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The Craziest “Sin” Taxes Across the World

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Government spending is out of control worldwide, resulting in a multitude of ridiculous taxes as a means of adding revenue to the books as government spending and deficits rise. The result? Quite an assortment of positively ludicrous taxes. Of particular interest to governments worldwide are so called “sin” taxes. Surprisingly, “sin” taxes have been around for hundreds of years, with the intention of charging people for their bad behavior, though they have had very little success in modifying it. Not surprisingly, as deficits rise, the definition of “sin” seems to be expanding well beyond the traditional vices of smoking, drinking, and gambling.

Some of the craziest “sin” taxes from across the world include:

  • “Fart tax”
    In New Zealand, Ireland, and Denmark, in compliance with the Kyoto Protocol, taxes have been proposed targeting methane released by farm animals (READ: cow farts) as a means to reduce greenhouse gas emissions. Though abandoned so far due to the absurdity of the proffered tax, it may soon become the norm as a U.N. study believes flatulent bovines cause 18 percent of the gas emissions that contribute to global warming. That stinks.
  • Weird baby name tax
    Until recently, the Swedish government decided acceptable names for children, requiring government approval for any “weird” names. According to the Swedish tax authority, “First names shall not be approved if they can cause offense or can be supposed to cause discomfort for the one using it, or names which for some obvious reason are not suitable as a first name.” As of 2007, Swedish rules relaxed somewhat, allowing names such as “Elvis” and “Lego”. While not an official tax, Sweden is the only nation whose tax officials have power over what parent’s choose to name their children. Sorry Gwyneth – no “Apples” allowed.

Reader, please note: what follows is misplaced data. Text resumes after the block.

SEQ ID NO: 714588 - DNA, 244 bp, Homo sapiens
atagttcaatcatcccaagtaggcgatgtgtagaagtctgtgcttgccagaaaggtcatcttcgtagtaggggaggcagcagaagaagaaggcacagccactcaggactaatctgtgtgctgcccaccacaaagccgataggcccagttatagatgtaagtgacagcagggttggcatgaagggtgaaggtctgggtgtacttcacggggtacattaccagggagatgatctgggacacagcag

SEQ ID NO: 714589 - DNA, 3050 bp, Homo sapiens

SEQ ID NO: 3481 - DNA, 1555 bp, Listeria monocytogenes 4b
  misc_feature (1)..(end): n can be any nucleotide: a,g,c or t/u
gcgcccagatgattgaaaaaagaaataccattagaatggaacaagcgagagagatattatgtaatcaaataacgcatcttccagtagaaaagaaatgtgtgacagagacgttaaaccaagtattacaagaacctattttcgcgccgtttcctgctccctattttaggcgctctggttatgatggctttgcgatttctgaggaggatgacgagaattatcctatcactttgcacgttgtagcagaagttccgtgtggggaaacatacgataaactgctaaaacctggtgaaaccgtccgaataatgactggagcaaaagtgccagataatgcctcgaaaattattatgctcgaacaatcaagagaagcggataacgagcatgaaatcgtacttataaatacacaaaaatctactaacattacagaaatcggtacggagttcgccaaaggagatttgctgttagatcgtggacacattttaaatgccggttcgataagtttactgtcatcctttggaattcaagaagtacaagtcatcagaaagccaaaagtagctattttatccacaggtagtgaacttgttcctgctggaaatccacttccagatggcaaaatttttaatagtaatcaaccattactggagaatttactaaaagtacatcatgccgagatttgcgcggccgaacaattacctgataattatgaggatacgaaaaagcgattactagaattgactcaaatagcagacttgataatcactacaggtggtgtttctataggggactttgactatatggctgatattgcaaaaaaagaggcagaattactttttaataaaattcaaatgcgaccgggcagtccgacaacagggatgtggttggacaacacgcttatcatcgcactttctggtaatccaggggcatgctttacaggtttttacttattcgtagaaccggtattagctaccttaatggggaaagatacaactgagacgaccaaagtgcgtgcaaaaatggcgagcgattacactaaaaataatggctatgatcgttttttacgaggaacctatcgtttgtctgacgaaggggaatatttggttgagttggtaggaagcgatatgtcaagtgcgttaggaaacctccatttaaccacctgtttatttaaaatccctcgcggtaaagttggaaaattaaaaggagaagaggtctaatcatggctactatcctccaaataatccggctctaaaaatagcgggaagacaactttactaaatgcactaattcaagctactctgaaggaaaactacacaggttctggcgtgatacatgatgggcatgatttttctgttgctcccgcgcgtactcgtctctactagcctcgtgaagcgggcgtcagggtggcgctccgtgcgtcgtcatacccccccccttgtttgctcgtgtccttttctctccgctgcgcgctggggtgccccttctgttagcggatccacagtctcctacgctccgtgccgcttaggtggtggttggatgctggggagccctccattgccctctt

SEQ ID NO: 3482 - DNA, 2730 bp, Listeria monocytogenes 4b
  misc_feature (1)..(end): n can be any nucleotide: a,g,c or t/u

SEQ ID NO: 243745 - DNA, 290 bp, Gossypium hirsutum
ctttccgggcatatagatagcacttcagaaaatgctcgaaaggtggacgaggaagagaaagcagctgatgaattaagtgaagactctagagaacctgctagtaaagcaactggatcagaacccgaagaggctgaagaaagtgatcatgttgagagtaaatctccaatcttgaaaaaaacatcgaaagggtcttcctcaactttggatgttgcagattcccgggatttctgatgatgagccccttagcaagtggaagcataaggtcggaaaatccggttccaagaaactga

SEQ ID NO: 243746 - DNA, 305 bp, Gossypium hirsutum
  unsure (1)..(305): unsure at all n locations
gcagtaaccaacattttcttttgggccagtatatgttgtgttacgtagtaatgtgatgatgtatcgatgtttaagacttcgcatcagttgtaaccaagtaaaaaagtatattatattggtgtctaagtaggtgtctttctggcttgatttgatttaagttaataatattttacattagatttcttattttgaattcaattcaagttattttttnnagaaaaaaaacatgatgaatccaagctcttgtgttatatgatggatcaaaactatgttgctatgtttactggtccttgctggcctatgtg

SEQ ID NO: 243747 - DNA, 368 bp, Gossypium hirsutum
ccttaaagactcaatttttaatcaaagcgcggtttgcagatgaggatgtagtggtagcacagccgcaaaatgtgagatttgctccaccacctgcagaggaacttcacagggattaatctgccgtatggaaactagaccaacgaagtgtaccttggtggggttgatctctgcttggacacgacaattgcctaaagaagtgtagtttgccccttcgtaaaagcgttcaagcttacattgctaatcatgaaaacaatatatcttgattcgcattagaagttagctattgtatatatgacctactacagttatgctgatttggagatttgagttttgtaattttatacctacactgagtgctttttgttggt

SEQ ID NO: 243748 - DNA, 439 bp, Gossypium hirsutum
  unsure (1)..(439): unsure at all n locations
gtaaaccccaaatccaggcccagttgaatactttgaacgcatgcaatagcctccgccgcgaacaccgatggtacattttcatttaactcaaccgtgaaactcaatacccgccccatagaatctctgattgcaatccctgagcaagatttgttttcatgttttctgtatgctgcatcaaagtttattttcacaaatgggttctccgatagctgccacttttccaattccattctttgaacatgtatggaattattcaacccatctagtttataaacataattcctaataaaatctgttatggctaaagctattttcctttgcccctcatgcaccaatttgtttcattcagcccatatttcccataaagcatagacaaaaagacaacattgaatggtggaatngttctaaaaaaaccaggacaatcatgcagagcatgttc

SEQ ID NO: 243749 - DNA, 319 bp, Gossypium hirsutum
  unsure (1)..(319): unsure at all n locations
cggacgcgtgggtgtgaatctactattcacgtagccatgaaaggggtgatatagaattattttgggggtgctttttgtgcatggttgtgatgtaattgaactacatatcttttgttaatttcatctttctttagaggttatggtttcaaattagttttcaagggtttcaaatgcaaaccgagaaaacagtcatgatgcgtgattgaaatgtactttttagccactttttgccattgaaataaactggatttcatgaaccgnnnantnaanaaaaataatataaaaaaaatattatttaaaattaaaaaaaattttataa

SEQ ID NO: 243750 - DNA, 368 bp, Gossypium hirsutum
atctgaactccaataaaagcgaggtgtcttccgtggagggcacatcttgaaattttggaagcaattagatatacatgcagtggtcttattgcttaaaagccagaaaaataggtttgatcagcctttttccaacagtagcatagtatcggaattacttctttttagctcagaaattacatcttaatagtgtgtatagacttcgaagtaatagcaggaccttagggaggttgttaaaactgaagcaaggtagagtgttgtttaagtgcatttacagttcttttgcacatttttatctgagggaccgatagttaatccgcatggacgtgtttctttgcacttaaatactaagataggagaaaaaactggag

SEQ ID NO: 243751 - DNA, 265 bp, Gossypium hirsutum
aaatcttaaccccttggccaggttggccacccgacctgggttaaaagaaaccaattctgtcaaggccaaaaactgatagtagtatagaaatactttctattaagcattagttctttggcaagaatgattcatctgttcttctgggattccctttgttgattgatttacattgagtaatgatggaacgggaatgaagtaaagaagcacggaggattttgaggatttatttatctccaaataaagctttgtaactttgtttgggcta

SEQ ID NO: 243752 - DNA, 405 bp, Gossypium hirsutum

• Forced cigarette smoking and taxes
    The Hubei province in China is the only nation to require its citizens to buy and smoke tobacco, a taxed item, to increase revenue. In order to stimulate the economy, local government officials, teachers, and villages were ordered to purchase hundreds of thousands of packs of cigarettes. In other news, government officials watch healthcare costs go up in smoke. Stay tuned…

Absurd taxes in the United States
As our online MBA degree programs teach us, residents in the United States suffer a number of ridiculous “sin” taxes as well. These include:

  • Tanning tax
    Under new healthcare legislation, there is a 10% tax on tanning in salons across the US. Tanners are getting burned.
  • Card tax
    Any person purchasing a deck of playing cards containing “no more than 54 cards” in Alabama must pay a “card tax” of 10 cents. Are they one card short of a full deck?
  • Candy tax
    In Illinois, any food classified as candy suffers a sales tax. This includes items not containing flour and not requiring refrigeration. According to Illinois’ definition, Reese’s Peanut Butter Cups and yogurt covered raisins are candy, but Milky Ways and chocolate covered pretzels are not. Only in America does nougat beat out a raisin as health food.
  • “Crack tax”
    Tennessee’s “crack tax” is based on North Carolina’s drug tax, wherein any illegal substance purchased, including cocaine, marijuana, and moonshine, is subject to tax within 48 hours of purchase. Drug dealers or buyers are expected to pay anonymously at the state revenue office and receive a stamp to prove payment. The states can seek money owed from any individual without the stamps. Payment requires no identification, and it is illegal for government employees to tattle on taxpayers. 22 other states have similar laws.
  • Nudity tax
    In Utah, any business where nude or partially nude individuals perform any service owe a 10 percent sales and use tax. Utah residents can’t “bare” anymore.

It turns out there is, in fact, something more certain than death and taxes: the absurdity of a government in debt.

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